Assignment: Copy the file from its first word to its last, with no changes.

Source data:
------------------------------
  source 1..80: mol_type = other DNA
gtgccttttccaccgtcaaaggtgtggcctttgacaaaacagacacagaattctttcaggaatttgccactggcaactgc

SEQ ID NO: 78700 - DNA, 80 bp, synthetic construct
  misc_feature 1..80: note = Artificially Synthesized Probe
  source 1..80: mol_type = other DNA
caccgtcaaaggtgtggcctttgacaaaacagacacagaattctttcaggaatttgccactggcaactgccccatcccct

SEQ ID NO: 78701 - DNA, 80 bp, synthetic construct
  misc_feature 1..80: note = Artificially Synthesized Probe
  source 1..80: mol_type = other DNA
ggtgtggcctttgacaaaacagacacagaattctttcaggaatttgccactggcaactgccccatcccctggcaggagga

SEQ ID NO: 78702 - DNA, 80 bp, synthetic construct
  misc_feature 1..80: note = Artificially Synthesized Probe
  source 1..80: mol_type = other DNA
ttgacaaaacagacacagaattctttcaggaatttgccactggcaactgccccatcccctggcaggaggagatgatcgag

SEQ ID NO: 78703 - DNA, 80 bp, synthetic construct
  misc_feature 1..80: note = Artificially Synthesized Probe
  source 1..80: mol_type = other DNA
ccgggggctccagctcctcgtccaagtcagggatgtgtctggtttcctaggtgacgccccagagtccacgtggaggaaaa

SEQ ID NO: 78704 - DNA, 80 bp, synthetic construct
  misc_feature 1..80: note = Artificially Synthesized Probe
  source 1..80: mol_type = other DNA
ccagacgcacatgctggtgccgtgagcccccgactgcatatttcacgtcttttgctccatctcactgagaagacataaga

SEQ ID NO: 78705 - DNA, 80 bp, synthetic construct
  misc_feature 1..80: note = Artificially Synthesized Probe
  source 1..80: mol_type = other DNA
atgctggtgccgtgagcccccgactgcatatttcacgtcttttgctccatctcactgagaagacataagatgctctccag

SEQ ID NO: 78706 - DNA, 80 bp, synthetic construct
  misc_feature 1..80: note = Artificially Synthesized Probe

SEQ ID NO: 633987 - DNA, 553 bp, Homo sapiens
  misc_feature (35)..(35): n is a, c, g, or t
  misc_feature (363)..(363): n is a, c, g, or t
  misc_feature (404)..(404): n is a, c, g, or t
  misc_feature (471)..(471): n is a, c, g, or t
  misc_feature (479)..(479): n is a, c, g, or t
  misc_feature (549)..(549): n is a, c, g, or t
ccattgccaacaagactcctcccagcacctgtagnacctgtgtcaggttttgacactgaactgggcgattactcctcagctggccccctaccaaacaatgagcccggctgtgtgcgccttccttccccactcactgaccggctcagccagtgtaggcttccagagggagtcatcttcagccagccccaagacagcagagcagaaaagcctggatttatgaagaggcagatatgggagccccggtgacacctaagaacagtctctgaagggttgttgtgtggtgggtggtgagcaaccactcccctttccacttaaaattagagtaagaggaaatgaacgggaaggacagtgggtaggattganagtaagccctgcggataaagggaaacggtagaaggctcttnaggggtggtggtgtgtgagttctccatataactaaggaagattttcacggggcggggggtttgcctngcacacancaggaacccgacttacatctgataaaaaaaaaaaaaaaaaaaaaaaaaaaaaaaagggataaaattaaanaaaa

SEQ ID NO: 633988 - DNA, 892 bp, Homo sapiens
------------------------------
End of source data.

  source 1..80: mol_type = other DNA
gtgccttttccaccgtcaaaggtgtggcctttgacaaaacagacacagaattctttcaggaatttgccactggcaactgc

SEQ ID NO: 78700 - DNA, 80 bp, synthetic construct
  misc_feature 1..80: note = Artificially Synthesized Probe
  source 1..80: mol_type = other DNA
caccgtcaaaggtgtggcctttgacaaaacagacacagaattctttcaggaatttgccactggcaactgccccatcccct

SEQ ID NO: 78701 - DNA, 80 bp, synthetic construct
  misc_feature 1..80: note = Artificially Synthesized Probe
  source 1..80: mol_type = other DNA
ggtgtggcctttgacaaaacagacacagaattctttcaggaatttgccactggcaactgccccatcccctggcaggagga

SEQ ID NO: 78702 - DNA, 80 bp, synthetic construct
  misc_feature 1..80: note = Artificially Synthesized Probe
  source 1..80: mol_type = other DNA
ttgacaaaacagacacagaattctttcaggaatttgccactggcaactgccccatcccctggcaggaggagatgatcgag

SEQ ID NO: 78703 - DNA, 80 bp, synthetic construct
  misc_feature 1..80: note = Artificially Synthesized Probe
  source 1..80: mol_type = other DNA
ccgggggctccagctcctcgtccaagtcagggatgtgtctggtttcctaggtgacgccccagagtccacgtggaggaaaa

SEQ ID NO: 78704 - DNA, 80 bp, synthetic construct
  misc_feature 1..80: note = Artificially Synthesized Probe
  source 1..80: mol_type = other DNA
ccagacgcacatgctggtgccgtgagcccccgactgcatatttcacgtcttttgctccatctcactgagaagacataaga

SEQ ID NO: 78705 - DNA, 80 bp, synthetic construct
  misc_feature 1..80: note = Artificially Synthesized Probe
  source 1..80: mol_type = other DNA
atgctggtgccgtgagcccccgactgcatatttcacgtcttttgctccatctcactgagaagacataagatgctctccag

SEQ ID NO: 78706 - DNA, 80 bp, synthetic construct
  misc_feature 1..80: note = Artificially Synthesized Probe

SEQ ID NO: 633987 - DNA, 553 bp, Homo sapiens
  misc_feature (35)..(35): n is a, c, g, or t
  misc_feature (363)..(363): n is a, c, g, or t
  misc_feature (404)..(404): n is a, c, g, or t
  misc_feature (471)..(471): n is a, c, g, or t
  misc_feature (479)..(479): n is a, c, g, or t
  misc_feature (549)..(549): n is a, c, g, or t
ccattgccaacaagactcctcccagcacctgtagnacctgtgtcaggttttgacactgaactgggcgattactcctcagctggccccctaccaaacaatgagcccggctgtgtgcgccttccttccccactcactgaccggctcagccagtgtaggcttccagagggagtcatcttcagccagccccaagacagcagagcagaaaagcctggatttatgaagaggcagatatgggagccccggtgacacctaagaacagtctctgaagggttgttgtgtggtgggtggtgagcaaccactcccctttccacttaaaattagagtaagaggaaatgaacgggaaggacagtgggtaggattganagtaagccctgcggataaagggaaacggtagaaggctcttnaggggtggtggtgtgtgagttctccatataactaaggaagattttcacggggcggggggtttgcctngcacacancaggaacccgacttacatctgataaaaaaaaaaaaaaaaaaaaaaaaaaaaaaaagggataaaattaaanaaaa

SEQ ID NO: 633988 - DNA, 892 bp, Homo sapiens